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Wayne Chung - Carnegie Mellon University. Pittsburgh, PA, US

Wayne Chung

Professor | Carnegie Mellon University


Wayne Chung's research and work span medical systems and devices, robot design, consumer, and industrial products.


Wayne Chung is a Professor and Director of Undergraduate Studies. Chung's research and work span medical systems and devices, robot design, consumer, and industrial products. Chung has taught First-Year Design Labs, Advanced ID/Product Studio: Product and Systems, How Things Are Made, Applied Research Methods, DigiTech Tools, UX Design Tools, and co-teaches Biomedical Engineering with Dr. Zapanta.

Chung utilizes design research methods and develops new processes to understand the person in context. This essential approach enables insight and appropriate innovation within a world of complexity. Material, aesthetics, fit, and the user experience can only be designed once the problem is appropriately framed relative to the human, artifacts, and environment context.

Chung has worked and collaborated with a range of clients, industry sponsors, and partners including:

Industry: American Eagle Outfitters, Bayer Material Science, BNY Mellon, Bridgestone, Cognizant Technologies, Daimler Trucks, FCA Fiat Chrysler Automobiles, Ford Motor Company, forms+surfaces, General Motors, Intel Digital Health, LG Electronics, PNC Bank, Procter & Gamble, Radio Flyer, Rubbermaid, Texas Instruments, Vocollect, Whirlpool Corporation
Medical: Ohio State University's 8T MRI, OSU Veterinary CT large animal transfer bed system, Energy Storage Systems, advisor to several BME industry projects and start-ups
Robotics: Snackbot, Chiara Robot, CMU NREC interior space project, and other robot components and systems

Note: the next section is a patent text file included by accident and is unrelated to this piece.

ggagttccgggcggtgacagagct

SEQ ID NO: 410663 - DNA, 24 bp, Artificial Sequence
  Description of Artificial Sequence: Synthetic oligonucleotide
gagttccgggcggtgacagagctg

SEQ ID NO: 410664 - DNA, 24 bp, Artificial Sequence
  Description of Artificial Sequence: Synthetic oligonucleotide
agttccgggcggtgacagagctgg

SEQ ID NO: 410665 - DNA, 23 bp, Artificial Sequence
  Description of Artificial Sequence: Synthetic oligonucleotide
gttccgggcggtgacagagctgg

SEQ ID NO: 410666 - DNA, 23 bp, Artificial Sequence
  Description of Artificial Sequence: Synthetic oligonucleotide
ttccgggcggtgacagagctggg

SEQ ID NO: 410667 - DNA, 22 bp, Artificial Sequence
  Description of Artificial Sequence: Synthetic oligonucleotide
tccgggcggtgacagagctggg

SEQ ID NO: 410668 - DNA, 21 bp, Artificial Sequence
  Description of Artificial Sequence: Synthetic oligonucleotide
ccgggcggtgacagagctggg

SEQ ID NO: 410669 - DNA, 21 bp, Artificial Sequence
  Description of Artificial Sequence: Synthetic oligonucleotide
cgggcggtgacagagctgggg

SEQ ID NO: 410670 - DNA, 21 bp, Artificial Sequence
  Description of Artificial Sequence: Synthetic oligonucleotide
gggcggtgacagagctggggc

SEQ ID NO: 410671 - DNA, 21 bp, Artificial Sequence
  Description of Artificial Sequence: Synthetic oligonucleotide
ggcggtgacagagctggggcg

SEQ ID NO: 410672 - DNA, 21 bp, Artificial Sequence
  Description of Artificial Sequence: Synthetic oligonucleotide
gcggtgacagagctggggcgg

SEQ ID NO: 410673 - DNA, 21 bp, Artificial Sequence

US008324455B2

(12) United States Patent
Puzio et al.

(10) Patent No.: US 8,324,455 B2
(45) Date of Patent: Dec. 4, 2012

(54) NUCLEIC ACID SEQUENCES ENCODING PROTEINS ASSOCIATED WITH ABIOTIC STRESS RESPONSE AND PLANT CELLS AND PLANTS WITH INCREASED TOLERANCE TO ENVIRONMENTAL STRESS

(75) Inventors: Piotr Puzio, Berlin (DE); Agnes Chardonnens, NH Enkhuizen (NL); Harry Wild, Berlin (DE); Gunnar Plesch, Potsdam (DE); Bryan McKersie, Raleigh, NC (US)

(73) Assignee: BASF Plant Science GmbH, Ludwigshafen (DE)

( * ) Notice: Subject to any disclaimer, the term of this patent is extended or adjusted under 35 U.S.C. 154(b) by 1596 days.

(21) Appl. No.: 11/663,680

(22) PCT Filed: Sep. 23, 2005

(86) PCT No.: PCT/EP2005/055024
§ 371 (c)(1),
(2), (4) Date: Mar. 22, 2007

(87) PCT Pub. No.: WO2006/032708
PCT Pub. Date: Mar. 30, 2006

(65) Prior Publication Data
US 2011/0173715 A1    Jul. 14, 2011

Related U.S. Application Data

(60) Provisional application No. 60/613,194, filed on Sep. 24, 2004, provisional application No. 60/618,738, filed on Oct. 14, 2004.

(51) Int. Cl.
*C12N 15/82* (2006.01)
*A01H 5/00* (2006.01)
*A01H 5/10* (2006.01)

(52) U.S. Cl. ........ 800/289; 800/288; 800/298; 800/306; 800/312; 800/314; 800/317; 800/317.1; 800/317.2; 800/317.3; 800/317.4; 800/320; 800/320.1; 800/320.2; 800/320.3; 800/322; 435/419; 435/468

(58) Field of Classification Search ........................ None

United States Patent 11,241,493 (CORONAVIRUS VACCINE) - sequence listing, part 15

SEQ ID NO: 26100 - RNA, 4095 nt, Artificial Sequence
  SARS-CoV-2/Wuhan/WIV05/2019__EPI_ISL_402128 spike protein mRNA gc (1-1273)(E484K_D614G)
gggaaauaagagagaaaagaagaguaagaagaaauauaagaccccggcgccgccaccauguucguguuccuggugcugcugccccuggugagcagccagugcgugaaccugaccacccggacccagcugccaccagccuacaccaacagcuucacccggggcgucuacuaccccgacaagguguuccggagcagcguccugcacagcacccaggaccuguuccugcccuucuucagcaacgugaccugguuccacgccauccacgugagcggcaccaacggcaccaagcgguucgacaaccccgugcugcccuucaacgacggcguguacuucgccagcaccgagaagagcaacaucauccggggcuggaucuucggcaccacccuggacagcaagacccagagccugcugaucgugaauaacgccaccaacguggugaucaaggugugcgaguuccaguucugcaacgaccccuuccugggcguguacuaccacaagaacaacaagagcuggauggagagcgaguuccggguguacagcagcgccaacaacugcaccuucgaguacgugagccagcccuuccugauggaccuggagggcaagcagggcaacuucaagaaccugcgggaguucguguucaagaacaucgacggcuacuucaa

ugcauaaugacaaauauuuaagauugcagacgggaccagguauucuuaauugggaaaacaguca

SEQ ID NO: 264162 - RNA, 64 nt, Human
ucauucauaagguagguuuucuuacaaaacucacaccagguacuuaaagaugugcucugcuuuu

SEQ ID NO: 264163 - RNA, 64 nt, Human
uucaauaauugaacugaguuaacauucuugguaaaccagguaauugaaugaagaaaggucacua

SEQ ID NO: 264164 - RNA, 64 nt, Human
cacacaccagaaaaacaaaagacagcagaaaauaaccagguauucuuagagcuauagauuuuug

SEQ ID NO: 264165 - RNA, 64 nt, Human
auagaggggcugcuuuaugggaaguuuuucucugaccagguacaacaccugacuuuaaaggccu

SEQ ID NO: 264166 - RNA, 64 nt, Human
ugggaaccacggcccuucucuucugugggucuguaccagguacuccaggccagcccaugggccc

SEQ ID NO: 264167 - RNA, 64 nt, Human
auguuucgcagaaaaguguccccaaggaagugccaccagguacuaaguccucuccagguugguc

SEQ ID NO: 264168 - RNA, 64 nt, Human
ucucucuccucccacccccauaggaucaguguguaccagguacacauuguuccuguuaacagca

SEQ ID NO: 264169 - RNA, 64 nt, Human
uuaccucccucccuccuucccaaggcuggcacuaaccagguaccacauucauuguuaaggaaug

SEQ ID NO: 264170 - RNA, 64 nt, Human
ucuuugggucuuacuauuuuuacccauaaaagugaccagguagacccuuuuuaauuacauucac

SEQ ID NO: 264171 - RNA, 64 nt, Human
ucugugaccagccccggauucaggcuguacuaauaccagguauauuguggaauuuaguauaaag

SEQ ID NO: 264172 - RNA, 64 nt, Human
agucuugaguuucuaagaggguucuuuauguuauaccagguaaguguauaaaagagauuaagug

Chung worked as a design information researcher for the Federal Highway Administration’s Advanced Driver Interface Design and Assessment Project and industrial designer for Sundberg-Ferar. Prior to teaching at Carnegie Mellon, Chung taught in the Department of Design at The Ohio State University, and he served as the interim Director of the Industrial Design Program at Georgia Institute of Technology. His professional service includes elected positions in local IDSA chapters. Chung was recognized by the Design Intelligence Journal as one of the 'Most Admired Industrial Design Educators' in the US.

Chung is the author of the book titled, The Praxis of Product Design in Collaboration with Engineering (Springer Publishing). It is a culmination of applied methods, case studies, and a matrix tool resulting from numerous industry collaborative experiences and studio-based design education.

Areas of Expertise (5)

Consumer Products

Robot Design

Medical Devices and Systems

Robotics and Autonomous Vehicles

Industrial Products



Wayne Chung Publication



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Industry Expertise (2)



Accomplishments (1)

Most Admired Industrial Design Educators (professional)

Design Intelligence Journal

Education (2)

University of the Arts: M.A., Industrial Design

Carnegie Mellon University: B.F.A., Industrial Design

minor in Business Management

Event Appearances (1)

The Inherent Potential of the Industrial Design Praxis

Education Symposium  


Patents (2)